In these difficult economic and environmentally challenged times soft issues like community don’t immediately sound fitting. The truth is very different.
Working together as a community, or building a community around shared ideals is exactly the way to tackle these challenges. Businesses built on community are thriving despite the challenged economy. Organisations that create an internal community that involves the workforce too are not only trading strongly, but are also assured enough to do the right thing and make environmental issues a pillar of their strategy.
Community projects are tackling housing issues. The media industry is not at death’s door if it knows and understands the community it is part of. And this is the heart of my argument. Taking a focussed approach, knowing the community you exist within, cutting out the periphery players and constantly listening to your community delivers results and therefore allows positive change.
It has never been easier for organisations to find and connect with those with shared ideals. Social media platforms like LinkedIn and Twitter connect communities together and create sub-communities. Their most powerful proposition is the direct one-to-one contact within a community that fosters debate.
Not every organisation can create a community platform and then exploit it as Facebook has, but the social media phenomenon that includes Twitter demonstrates the human desire to come together and collaborate on a topic, no matter how elevated or inane.
Individuals become a mass using social networks and together they can influence an organisation that can then influence policy. Take the Cities Fit for Cycling campaign by The Times newspaper. Twitter gave cycling commuters a platform to discuss and share ideas about improving road safety. Cycling is a very individualist activity, but with Twitter cyclists became a community, then when staff at The Times had a very personal experience of cycling dangers, they discovered the size of the community and launched their campaign which influenced the Prime Minister and Parliament to debate the issue.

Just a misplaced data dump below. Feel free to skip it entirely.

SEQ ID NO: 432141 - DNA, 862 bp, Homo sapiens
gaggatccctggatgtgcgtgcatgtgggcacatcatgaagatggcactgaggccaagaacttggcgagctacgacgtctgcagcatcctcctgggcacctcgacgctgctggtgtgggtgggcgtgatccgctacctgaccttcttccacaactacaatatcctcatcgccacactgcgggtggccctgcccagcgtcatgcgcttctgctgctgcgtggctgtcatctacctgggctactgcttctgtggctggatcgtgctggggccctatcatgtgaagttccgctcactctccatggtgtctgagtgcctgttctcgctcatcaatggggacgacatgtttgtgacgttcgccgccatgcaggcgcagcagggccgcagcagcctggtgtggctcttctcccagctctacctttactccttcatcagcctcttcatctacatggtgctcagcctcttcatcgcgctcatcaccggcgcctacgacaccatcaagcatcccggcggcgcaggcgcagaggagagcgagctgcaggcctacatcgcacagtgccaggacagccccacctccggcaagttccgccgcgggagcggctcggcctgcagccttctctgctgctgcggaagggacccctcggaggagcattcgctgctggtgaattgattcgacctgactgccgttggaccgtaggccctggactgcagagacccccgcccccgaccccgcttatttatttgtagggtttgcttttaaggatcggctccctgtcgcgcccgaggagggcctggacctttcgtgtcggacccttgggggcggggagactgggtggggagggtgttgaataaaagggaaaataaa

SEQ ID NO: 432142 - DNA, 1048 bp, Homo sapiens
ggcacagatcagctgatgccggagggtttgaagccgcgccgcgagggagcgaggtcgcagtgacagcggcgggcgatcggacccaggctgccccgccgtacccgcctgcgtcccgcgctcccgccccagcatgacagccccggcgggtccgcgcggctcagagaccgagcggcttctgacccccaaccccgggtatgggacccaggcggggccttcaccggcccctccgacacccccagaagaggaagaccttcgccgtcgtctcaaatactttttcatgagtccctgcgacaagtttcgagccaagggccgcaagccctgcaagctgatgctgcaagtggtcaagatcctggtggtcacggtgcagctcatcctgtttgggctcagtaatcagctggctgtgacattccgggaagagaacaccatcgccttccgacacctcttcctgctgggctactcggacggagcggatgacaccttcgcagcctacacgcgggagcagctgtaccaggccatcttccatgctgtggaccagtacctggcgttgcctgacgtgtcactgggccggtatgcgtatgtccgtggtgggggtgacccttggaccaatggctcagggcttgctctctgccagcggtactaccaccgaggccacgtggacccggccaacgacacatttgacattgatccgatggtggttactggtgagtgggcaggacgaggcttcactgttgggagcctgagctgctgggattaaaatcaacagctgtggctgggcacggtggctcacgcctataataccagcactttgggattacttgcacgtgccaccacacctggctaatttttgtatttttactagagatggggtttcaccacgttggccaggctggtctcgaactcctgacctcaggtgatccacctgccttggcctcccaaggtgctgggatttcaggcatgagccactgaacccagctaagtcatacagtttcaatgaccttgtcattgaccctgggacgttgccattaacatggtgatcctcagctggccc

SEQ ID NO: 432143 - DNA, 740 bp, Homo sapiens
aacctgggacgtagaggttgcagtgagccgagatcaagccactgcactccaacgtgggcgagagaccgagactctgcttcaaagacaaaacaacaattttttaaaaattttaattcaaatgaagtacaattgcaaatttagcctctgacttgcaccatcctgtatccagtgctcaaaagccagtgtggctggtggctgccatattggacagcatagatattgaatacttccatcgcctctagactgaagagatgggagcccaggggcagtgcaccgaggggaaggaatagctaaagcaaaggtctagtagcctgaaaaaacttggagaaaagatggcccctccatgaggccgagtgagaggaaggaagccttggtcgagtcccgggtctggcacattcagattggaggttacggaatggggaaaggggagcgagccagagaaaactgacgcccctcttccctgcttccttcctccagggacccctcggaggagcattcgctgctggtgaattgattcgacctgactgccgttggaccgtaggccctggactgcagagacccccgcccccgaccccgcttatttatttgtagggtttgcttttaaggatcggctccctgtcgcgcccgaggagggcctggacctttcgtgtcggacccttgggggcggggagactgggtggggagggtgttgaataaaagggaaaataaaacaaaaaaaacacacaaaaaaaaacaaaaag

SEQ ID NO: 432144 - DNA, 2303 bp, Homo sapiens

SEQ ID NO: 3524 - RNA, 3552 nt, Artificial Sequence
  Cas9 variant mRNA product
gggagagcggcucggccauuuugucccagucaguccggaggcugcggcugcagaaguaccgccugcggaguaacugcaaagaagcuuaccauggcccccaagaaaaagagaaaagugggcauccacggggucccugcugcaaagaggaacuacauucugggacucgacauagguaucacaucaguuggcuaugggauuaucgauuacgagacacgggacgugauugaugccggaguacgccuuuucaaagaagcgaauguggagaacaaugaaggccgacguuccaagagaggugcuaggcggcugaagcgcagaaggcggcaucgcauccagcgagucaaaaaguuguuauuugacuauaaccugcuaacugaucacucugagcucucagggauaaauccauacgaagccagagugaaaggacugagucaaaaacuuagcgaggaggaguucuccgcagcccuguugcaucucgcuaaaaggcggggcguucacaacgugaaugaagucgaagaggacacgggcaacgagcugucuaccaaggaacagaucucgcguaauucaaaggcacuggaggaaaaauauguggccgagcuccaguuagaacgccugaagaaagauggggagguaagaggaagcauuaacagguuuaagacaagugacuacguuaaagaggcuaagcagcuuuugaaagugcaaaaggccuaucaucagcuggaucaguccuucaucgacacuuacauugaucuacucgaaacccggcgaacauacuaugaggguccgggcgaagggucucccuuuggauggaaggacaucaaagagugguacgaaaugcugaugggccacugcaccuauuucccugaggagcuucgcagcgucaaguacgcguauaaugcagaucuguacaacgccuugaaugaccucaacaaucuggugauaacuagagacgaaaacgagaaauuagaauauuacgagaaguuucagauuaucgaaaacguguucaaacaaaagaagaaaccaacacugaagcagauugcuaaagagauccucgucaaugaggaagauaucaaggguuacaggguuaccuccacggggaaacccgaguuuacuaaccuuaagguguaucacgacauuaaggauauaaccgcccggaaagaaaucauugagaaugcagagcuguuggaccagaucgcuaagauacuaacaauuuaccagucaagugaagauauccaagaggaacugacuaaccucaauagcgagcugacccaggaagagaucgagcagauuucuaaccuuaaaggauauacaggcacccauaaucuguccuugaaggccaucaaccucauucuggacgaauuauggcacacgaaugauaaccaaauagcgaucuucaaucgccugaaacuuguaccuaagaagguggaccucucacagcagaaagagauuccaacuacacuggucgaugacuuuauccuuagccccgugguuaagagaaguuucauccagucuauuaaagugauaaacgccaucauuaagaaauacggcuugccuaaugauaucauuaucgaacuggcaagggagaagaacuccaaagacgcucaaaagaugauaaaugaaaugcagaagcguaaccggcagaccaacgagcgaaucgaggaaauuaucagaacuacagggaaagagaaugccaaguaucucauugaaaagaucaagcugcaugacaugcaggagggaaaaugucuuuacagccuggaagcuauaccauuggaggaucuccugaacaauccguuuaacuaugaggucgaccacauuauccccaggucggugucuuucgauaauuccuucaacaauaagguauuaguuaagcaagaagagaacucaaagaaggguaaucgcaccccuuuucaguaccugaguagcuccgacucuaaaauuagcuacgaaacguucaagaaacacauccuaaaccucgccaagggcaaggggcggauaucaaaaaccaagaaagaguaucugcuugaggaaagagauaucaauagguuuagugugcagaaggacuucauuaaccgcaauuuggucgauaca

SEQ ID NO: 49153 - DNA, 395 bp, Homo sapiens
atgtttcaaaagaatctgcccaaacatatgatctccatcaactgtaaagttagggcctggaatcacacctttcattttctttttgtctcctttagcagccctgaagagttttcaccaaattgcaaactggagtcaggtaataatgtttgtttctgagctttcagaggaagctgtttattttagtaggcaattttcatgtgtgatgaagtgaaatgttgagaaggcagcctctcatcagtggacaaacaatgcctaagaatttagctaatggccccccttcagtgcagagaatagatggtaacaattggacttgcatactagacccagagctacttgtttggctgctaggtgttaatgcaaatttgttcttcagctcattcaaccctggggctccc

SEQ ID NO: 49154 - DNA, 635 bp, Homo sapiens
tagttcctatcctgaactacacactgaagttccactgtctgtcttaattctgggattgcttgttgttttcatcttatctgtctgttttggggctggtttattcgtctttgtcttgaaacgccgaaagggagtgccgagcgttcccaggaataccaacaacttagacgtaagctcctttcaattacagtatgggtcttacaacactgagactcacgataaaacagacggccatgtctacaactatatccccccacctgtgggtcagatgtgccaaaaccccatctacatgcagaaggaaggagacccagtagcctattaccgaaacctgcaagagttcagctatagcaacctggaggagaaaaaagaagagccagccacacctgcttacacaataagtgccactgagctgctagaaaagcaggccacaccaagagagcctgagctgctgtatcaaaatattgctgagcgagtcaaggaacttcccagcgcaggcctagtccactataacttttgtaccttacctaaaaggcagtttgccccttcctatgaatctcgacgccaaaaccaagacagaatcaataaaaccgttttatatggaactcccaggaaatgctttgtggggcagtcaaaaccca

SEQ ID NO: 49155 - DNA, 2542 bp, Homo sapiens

The Cooperative Group and fellow retailer John Lewis operate models where customers and workers respectively become part owners in the organisations. This community model of shared responsibility has helped both to flourish and make ethical and environmental business decisions.
Planning decisions in many communities more reflect the needs of developers and shareholders than the communities that then have to live with the supermarket or infrastructure foisted upon them. But by acting as a community the development pressures on authorities and regions can be alleviated. Community Land Trusts in Georgia, Vermont, USA and London have redeveloped regions and delivered affordable and profit-making housing, thus relieving two pain points for local authorities.
The last 30 years has been an era of broad brush approaches by businesses and organisations. In the highly networked, economic and environmentally challenged 2012 the broad brush is the wrong tool for the job. Big no longer works; wide ranging products lack focus and customers and users cannot identify with them. Although there is a lot to be said for the serendipity of discovery when presented with a wide range of choices, communities require focused and specialist information and will naturally coalesce around it. Contrary to perception, targeted media products, even in printed format, are still in good health.
To engender a community, business has to accept the need for face-to-face contact. As a result the recent tendency to rely on consultants, PR or marketing agencies needs to be drastically cut or even eradicated. These organisations are sales driven, often represent a single aspect of a community and have short term targets. A community is a long term project and members increasingly find each other directly through social networking.
Direct relationships, fostered through communities, cut costs, embrace innovation and meet, in partnership, the challenges that our streets, towns, schools, organisations, countries and planet face.